The game moved fast, too fast. This was another Maddux trick. He had this unique ability to speed things up so that hitters felt like they were sprinting downhill. He threw strike after strike after strike. In tennis, and in hockey and soccer too, coaches talk about how you want to “take time away” from an opponent. That’s not really a baseball concept, but that precisely what Maddux would do — hitters just felt like they were running out of time. Maddux threw just six pitches in the fourth inning — Bernie Williams hit the ball hard but right at Fred McGriff, Tino Martinez bounced the ball back to Maddux, Cecil Fielder bounced an easy one to shortstop. It was all getting away from them.

You could just feel the helplessness cascading through Yankee Stadium. When a pitcher is just blowing away hitters with blazing fastballs and numerous strikeouts, a crackling energy buzzes through baseball stadiums. Every fan is on the edge of the seat, and they think “Try harder!” or “Swing faster!” But Maddux blunted all those emotions. He sucked energy out of stadiums. The harder you tried, the worse things got. The faster you swung, the more harmless the ground balls. There were three more of those harmless ground balls in the fifth inning. It seemed a moral victory when Joe Girardi at least forced a full count before succumbing.

Good time here to jot down a few of my favorite Maddux stats. He gave up four home runs in 25 starts during the strike-shortened 1994 season. That year, he gave up 28 extra-base hits and prompted 21 double-play balls. He unintentionally walked 14 batters and did not throw a single wild pitch in 1997. Lefties hit .195 and slugged .234 against him in 1995.

[MORE: Maddux will enter Hall of Fame with blank cap]

It’s fun to compare Maddux with Roger Clemens because they were contemporaries and they finished one victory apart and with about the same number of innings. But they were so different. Clemens’ velocity and the violence of his pitches overwhelmed. He pitched with a snarl. Clemens certainly has a strong case as the more dominant of the two — Bill James has broken this down and believes that Clemens was the better pitcher (and, in fact, perhaps the best pitcher of all time). But it is worth mentioning that Maddux, against odds, had a better strikeout-to-walk ratio and a lower WHIP. It is worth mentioning because watching the two pitch you would never believe it.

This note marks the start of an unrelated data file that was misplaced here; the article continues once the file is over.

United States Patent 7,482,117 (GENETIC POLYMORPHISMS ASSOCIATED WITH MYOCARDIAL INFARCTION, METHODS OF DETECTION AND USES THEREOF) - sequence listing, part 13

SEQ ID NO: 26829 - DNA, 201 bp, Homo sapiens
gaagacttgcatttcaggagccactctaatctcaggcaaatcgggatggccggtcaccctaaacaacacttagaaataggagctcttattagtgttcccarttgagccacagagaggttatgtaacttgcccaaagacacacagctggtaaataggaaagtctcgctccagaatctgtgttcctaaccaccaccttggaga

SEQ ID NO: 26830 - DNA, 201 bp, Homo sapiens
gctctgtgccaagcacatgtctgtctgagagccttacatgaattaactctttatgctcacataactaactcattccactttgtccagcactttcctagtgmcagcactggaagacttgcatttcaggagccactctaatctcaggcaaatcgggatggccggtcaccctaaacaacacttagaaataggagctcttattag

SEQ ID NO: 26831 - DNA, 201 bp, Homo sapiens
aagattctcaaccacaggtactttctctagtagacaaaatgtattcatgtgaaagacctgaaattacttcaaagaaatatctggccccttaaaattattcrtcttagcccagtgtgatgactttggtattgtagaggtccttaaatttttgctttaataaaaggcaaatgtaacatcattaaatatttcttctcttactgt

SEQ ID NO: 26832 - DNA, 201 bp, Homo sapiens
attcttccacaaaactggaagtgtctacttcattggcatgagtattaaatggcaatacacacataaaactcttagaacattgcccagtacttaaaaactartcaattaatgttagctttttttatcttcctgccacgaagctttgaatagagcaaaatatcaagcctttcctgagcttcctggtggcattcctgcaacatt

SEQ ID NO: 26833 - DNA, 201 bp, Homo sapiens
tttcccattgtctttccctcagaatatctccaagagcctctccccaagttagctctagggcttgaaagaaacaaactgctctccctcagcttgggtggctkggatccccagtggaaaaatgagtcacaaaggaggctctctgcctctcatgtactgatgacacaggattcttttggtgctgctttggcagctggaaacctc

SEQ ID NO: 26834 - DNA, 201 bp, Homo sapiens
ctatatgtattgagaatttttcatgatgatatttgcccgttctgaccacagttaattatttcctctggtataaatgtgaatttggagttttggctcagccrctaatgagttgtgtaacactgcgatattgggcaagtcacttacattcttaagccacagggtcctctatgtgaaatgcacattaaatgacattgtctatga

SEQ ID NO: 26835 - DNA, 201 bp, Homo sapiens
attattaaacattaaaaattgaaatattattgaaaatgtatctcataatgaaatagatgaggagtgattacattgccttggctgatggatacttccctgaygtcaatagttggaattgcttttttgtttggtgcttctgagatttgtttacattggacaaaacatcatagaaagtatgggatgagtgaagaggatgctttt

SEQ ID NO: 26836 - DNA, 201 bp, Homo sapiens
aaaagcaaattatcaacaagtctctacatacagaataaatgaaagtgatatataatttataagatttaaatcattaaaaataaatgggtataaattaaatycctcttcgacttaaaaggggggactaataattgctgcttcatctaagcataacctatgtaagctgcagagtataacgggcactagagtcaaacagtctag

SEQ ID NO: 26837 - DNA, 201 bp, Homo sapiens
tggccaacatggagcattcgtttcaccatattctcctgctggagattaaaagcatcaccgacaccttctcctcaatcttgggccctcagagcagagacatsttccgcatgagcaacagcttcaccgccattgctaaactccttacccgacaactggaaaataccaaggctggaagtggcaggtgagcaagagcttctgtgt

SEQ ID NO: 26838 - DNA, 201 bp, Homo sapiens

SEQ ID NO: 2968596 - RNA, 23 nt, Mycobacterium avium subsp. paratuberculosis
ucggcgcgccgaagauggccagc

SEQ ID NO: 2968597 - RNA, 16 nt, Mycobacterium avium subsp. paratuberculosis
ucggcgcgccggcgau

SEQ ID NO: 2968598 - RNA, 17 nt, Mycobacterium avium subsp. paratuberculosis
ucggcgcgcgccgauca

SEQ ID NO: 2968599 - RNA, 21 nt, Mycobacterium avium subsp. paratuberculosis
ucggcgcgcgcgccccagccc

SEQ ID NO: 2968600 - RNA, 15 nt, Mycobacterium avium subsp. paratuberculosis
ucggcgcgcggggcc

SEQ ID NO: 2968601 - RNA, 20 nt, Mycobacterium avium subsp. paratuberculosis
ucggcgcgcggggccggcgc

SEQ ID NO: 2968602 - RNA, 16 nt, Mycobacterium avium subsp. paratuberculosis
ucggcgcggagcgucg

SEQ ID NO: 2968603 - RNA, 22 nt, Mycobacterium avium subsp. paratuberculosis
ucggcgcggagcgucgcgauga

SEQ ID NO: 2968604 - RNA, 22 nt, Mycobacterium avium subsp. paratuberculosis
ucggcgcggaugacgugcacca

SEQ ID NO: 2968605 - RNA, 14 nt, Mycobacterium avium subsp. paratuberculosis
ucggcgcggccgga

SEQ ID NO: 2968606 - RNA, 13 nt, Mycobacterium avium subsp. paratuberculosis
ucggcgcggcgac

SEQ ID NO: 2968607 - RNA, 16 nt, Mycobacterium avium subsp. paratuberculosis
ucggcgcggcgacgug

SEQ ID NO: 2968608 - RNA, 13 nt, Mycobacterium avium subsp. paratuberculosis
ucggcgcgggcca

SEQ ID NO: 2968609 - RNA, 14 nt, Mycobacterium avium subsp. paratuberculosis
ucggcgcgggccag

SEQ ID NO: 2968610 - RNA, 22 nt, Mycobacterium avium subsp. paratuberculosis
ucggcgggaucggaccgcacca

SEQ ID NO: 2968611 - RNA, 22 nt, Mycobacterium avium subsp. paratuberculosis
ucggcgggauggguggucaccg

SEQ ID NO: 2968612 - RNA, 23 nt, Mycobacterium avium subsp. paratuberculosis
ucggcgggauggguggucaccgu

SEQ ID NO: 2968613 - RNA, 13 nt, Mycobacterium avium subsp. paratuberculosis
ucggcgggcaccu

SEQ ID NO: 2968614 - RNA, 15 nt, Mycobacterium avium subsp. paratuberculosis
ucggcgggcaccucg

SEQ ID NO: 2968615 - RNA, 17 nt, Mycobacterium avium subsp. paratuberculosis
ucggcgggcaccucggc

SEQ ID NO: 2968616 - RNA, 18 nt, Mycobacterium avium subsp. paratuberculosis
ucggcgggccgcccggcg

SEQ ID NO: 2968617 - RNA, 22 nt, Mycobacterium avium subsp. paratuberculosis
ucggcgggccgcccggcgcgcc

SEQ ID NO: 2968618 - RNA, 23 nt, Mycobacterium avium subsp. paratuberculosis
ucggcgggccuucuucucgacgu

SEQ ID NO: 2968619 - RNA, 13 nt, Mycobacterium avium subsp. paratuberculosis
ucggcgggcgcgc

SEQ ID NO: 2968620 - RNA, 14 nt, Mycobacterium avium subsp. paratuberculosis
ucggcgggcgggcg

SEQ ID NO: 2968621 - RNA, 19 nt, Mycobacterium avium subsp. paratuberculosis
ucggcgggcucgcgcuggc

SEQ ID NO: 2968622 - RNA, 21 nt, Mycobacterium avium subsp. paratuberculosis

Maddux gave up back-to-back singles to Jeter and Tim Raines in the sixth inning of that World Series Game, and for the first time — for the only time — the fans stood and cheered and believed. Wade Boggs stepped to the plate. He watched the first pitch go by for a strike because he always did. Then he grounded to second base for an easy double play. Bernie Williams followed with his own ground ball to second. The threat was over. The fans sat down.

The rest was easy. Two strikeouts — the only two strikeouts of the game — and a grounder surrounded a pointless single in the seventh. Three groundouts and a single made up the eighth. And, with that, Maddux took his leave. Mark Wohlers finished it off in the ninth by striking out the side; I’m sure after flailing at Maddux’s mesmerizing pitches for eight innings, Wohlers seemed to be throwing about 212 mph.

When it was all done, Maddux had thrown 84 pitches and had recorded 19 of his 24 outs as ground balls. Add in the two strikeouts, one caught stealing, one liner to first, and one fly ball to left, you had a ballgame. But my favorite part of all was in the Yankees’ clubhouse after the game, where players sheepishly talked about how they were conned.